Rebekah and Chris from Liberated Family shares Using Cloth In a Disposable Society, their favorite post of 2011. This extensive post provides a lot of information regarding the varied uses of cloth as well as the many benefits. You can also find Liberated Family on Twitter.  
Sarah at Parenting God's Children shares her most viewed post: Confessions of a Breastfeeding Advocate: I Couldn't. She confesses her struggles with breastfeeding her daughters, but shares why she'll continue the good fight. You can also find Sarah on Facebook, Twitter, and Pinterest.  
Seonaid of The Practical Dilettante offers a science- and reverence-based meditation on The Living Earth, her most viewed post of 2011. This meditation was originally written for Earth Day, but it provides a way to reconnect with your place in the living breathing planet at any time of year. You can also find Seonaid on Facebook, Twitter, and Google +.
Shannon at Pineapples & Artichokes shares I Recommend (But Moira Likes This Book Too), her most viewed post of 2011. This post is a review of a wonderful book that talks about all the different ways that families can be made up, along with some of why this topic is so important to her family.
Sheryl at Little Snowflakes shares her experiences with tandem nursing in Tandem Nursing – The Good, The Bad and The Ugly, her most viewed post of 2011. You can also find Sheryl on Twitter.
Stay tuned for some amazing posts from all of these tremendous bloggers in 2012!

Monday, December 19, 2011

Advent: Peace

Saskatchewan sunset

For an anxioid, peace can be hard to come by.  My brain is hardwired to think everything, every day, is an emergency, and my nine years as a paramedic and some early life experiences reenforced this messed up brain's approach to the world.  I was born with no filter in my mind to allow me to tune out all of our naked, wide open vulnerability to pain and suffering.  And then I walked out into a job world of suicide, house fires, and drowned babies; where death was normal, and heart attacks were every day.  Some nights I still wrestle to fall asleep, even after years of treatment and balance.  Peace is tough.  Every bit of it is hard won.

I think this is true for the human race, entirely.  None of us gets out alive, none lives unscathed, no one arrives at the end intact.  War, poverty, racism... A lack of water, for God's sake; how much more basic can our human depravity get?!  When we find pockets of peace, they are beautiful.  A few years to create art, build civil societies, and have babies are miraculous.  They are hard won and lavish gifts.  Thanks to the law of entropy, they are brief.

For me, peace comes with feeling grounded and still, despite my lack of a filter, despite having no guard in front of my heart and mind, despite the howling possibilities of tragedy.  Life doesn't stop screaming around me; I simply feel my feet on the ground in the midst of it all.  Jesus grounds me.  He roots me to the ground through my children, my husband, beauty, art, music, and laughter.  He roots me to the ground by walking with me.

Because of the tender mercy of our God,
With which the Sunrise from on high shall visit us,
To shine upon those who sit in darkness
and the shadow of death,
To guide our feet into the way of peace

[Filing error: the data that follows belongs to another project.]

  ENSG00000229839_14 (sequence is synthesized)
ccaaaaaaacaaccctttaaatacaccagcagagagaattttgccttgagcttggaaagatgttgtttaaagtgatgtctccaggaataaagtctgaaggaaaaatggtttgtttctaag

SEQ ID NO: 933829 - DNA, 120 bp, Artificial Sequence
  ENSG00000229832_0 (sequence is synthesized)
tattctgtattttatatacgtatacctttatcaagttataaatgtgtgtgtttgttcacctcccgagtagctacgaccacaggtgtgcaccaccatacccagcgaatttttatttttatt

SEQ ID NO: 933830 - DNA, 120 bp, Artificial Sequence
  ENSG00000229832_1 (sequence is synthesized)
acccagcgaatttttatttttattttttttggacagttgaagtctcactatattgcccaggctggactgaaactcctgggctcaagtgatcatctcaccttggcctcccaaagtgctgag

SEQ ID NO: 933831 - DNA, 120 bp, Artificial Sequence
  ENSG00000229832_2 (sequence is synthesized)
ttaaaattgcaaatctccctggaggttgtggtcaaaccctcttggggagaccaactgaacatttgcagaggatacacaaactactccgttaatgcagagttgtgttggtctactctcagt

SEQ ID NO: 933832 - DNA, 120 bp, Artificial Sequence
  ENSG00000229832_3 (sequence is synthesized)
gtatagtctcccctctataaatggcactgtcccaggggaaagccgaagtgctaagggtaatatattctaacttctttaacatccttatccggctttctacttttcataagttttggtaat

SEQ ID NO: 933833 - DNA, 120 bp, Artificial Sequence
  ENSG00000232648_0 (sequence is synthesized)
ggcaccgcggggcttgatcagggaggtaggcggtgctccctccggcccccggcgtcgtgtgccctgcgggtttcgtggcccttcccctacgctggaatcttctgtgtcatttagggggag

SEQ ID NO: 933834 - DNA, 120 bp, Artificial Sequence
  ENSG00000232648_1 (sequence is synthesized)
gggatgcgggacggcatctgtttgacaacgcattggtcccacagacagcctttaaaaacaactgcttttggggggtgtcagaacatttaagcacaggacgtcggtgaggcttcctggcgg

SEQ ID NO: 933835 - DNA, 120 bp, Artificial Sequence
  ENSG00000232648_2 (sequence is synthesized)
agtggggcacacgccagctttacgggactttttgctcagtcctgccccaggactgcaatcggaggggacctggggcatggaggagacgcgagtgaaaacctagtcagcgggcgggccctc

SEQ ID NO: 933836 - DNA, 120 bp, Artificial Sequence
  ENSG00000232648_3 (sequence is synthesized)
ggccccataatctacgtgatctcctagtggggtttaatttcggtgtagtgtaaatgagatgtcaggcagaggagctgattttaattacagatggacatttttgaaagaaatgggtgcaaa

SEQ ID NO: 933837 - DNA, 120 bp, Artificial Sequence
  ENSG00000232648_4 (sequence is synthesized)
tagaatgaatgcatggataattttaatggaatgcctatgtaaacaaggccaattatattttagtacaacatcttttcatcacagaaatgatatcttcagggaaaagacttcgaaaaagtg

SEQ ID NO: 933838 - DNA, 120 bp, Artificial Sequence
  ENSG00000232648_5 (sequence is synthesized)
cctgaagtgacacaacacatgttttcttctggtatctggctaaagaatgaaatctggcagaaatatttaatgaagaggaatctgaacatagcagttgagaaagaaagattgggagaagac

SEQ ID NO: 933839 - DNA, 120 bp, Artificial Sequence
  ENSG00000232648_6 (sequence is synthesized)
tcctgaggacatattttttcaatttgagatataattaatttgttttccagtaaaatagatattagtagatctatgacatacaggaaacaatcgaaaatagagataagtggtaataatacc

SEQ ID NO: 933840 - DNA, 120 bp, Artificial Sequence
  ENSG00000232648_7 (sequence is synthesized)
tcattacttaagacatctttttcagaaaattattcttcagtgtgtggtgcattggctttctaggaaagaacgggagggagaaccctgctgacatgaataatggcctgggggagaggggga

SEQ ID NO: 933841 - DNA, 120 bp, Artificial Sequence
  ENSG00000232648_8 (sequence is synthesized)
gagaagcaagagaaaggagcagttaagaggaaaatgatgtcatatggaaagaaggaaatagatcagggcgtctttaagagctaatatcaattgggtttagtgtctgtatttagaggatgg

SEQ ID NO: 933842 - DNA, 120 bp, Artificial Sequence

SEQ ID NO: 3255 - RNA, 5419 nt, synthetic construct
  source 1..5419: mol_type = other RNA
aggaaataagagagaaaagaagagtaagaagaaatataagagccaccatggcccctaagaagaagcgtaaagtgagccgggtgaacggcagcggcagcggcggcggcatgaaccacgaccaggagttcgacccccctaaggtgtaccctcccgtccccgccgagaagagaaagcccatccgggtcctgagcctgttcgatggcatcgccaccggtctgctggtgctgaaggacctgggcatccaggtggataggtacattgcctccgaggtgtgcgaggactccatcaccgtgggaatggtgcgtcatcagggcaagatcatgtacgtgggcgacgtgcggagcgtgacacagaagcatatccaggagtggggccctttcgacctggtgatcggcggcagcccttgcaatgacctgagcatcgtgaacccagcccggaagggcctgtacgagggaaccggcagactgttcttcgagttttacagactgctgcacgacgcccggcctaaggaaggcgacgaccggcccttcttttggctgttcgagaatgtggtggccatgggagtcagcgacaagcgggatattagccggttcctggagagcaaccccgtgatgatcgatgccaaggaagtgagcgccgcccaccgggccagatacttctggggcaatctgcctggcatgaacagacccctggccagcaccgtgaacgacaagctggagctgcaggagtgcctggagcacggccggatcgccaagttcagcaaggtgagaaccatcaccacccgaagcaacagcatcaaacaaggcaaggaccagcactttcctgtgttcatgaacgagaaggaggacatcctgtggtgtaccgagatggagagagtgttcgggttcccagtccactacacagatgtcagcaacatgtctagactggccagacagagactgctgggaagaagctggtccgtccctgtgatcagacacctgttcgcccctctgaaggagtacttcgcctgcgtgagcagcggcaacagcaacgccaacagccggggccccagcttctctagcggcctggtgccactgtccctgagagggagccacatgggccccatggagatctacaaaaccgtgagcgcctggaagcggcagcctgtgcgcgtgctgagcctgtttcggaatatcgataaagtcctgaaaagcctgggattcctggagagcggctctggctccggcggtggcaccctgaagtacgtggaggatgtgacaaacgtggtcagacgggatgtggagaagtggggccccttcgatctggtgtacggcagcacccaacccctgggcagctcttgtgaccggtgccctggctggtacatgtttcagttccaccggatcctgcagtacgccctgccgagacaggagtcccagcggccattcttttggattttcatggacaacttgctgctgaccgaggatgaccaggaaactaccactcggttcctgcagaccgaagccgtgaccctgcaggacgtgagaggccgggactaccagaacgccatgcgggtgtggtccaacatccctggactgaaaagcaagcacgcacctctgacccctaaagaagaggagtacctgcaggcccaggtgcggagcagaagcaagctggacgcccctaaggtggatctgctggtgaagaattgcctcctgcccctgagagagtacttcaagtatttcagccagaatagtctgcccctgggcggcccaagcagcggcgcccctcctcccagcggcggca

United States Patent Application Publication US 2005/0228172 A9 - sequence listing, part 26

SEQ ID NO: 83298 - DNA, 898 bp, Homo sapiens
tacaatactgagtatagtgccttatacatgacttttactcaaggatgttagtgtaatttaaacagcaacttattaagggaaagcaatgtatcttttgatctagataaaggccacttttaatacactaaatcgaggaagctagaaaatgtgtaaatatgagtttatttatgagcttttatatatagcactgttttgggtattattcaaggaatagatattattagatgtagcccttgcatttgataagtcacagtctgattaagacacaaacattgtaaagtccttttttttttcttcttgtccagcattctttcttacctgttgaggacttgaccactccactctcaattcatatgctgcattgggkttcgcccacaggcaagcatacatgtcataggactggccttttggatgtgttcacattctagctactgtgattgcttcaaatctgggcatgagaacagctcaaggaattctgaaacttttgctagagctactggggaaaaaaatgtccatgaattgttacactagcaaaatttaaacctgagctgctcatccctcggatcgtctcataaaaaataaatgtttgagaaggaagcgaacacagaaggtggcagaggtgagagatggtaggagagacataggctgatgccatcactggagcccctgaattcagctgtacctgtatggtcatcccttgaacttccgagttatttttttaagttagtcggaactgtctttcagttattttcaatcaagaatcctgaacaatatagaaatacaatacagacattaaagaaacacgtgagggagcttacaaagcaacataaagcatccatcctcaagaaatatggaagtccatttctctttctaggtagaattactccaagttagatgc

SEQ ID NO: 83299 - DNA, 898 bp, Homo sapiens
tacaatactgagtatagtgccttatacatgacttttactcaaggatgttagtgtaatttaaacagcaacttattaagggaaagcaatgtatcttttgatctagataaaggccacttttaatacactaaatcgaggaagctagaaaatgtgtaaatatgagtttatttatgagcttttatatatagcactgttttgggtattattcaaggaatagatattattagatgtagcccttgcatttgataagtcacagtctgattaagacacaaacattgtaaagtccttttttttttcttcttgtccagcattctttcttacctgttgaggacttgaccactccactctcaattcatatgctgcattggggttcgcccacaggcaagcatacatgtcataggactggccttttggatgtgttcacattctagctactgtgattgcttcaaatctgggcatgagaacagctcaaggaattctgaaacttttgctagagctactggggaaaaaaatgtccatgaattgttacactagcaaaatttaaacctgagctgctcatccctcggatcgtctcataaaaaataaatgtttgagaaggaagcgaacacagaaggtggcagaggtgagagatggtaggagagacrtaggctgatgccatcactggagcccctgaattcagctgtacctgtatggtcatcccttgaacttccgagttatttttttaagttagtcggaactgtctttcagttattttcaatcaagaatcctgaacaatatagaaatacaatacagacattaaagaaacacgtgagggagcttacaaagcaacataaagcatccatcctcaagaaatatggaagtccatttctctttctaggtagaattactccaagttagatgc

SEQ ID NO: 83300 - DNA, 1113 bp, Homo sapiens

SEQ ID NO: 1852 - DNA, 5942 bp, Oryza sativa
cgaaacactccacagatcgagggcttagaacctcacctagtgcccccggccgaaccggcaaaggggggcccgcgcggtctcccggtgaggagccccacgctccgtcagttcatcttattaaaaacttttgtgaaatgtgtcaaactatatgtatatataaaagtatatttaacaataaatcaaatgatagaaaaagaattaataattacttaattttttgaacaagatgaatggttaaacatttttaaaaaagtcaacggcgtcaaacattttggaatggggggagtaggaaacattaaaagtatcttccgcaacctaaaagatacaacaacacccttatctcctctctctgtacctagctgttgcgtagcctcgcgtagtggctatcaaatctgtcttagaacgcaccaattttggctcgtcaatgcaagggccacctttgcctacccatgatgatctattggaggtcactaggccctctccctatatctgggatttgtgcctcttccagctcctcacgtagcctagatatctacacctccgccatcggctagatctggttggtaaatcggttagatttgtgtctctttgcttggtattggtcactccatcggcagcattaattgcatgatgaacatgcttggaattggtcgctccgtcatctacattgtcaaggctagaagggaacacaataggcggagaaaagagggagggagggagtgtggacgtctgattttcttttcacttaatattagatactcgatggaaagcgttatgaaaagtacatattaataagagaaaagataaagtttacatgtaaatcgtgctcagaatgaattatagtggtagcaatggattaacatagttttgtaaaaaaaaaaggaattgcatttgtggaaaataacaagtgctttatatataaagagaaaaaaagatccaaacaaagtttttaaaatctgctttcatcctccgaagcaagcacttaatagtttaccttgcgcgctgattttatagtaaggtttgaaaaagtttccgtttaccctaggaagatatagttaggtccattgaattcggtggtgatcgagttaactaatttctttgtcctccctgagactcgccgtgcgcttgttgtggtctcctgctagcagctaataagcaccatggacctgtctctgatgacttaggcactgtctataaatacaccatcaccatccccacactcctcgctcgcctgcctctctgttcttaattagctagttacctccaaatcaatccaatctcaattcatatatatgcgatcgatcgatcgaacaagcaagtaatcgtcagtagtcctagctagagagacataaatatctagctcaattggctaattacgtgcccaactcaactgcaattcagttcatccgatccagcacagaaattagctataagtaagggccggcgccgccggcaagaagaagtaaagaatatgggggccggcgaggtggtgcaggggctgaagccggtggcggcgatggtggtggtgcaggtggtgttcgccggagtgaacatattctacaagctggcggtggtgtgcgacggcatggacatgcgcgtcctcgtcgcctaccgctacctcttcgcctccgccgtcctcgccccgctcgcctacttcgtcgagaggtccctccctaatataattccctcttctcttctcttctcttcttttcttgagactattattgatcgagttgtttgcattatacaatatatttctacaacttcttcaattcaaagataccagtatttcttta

I don't need rescuing from the storm.  I just need to know and be known.

Although I walk through the valley of the shadow of death
I fear no evil;
Thou art with me cup overflows.
Surely goodness and love will follow me all the days of my life
and I will dwell in the house of the LORD forever.

Sunday, December 18, 2011

One more for old times sake...

Newbie Amarys sleeping in my arms

More fun pix

Here's Amarys waving, and Matthew being cute

Double dose of Vose

Who doesn't love to watch cartoons in a basket?

Saturday, December 17, 2011

Funny Story II

I took Amarys to the doctor when she had bronchiolitis, and forgot to share this funny thing my doctor said.  First, she said Amarys sure is a calm and peaceful baby.  She really just goes with the flow, doesn't she?

I don't argue with people about this anymore.  Why bother?  I grinned and shrugged my shoulders.

You're a pretty relaxed person, though.  The apple doesn't fall far from the tree.

If I didn't have my polite face on, I would have snorted boogers onto the wall across the room.  Hello, My Name Is: I have an anxiety disorder.  And this is my daughter, I am a pessimist.  Pleased to meet you!  Wow was that awesome.  It made my day.  

Baby in a Basket

Update on Amarys

I forgot to include a few things in Amarys' 9 Months Old post!  She's growing so fast and furious that I want to make sure I get everything down.
She learned just before the 9 month mark how to clap two toys together to make noise.  She doesn't clap her hands yet, but she will clap toys!  Especially if you demonstrate it for her.  She also picks up toys and shakes them to see if they make noise~if a toy doesn't make noise it is infinitely boring and she will drop it unless it seems like an intruiging thing to put in her mouth.
She also climbs stairs (and hearths, which I posted about earlier last week), and has pulled a stocking holder down onto her head by pulling on the stocking attached to it.  We put the stockings away for now and will put them up on Christmas Eve, once she is ready for bed!  She was also climbing from the hearth to the toy box, so I moved the toy box because it is just too high and in close proximity to the stone fireplace for my comfort.  But her latest trick is to climb onto the hearth and then INTO the toy basket I keep there.  And then look triumphant, like she just conquered Everest.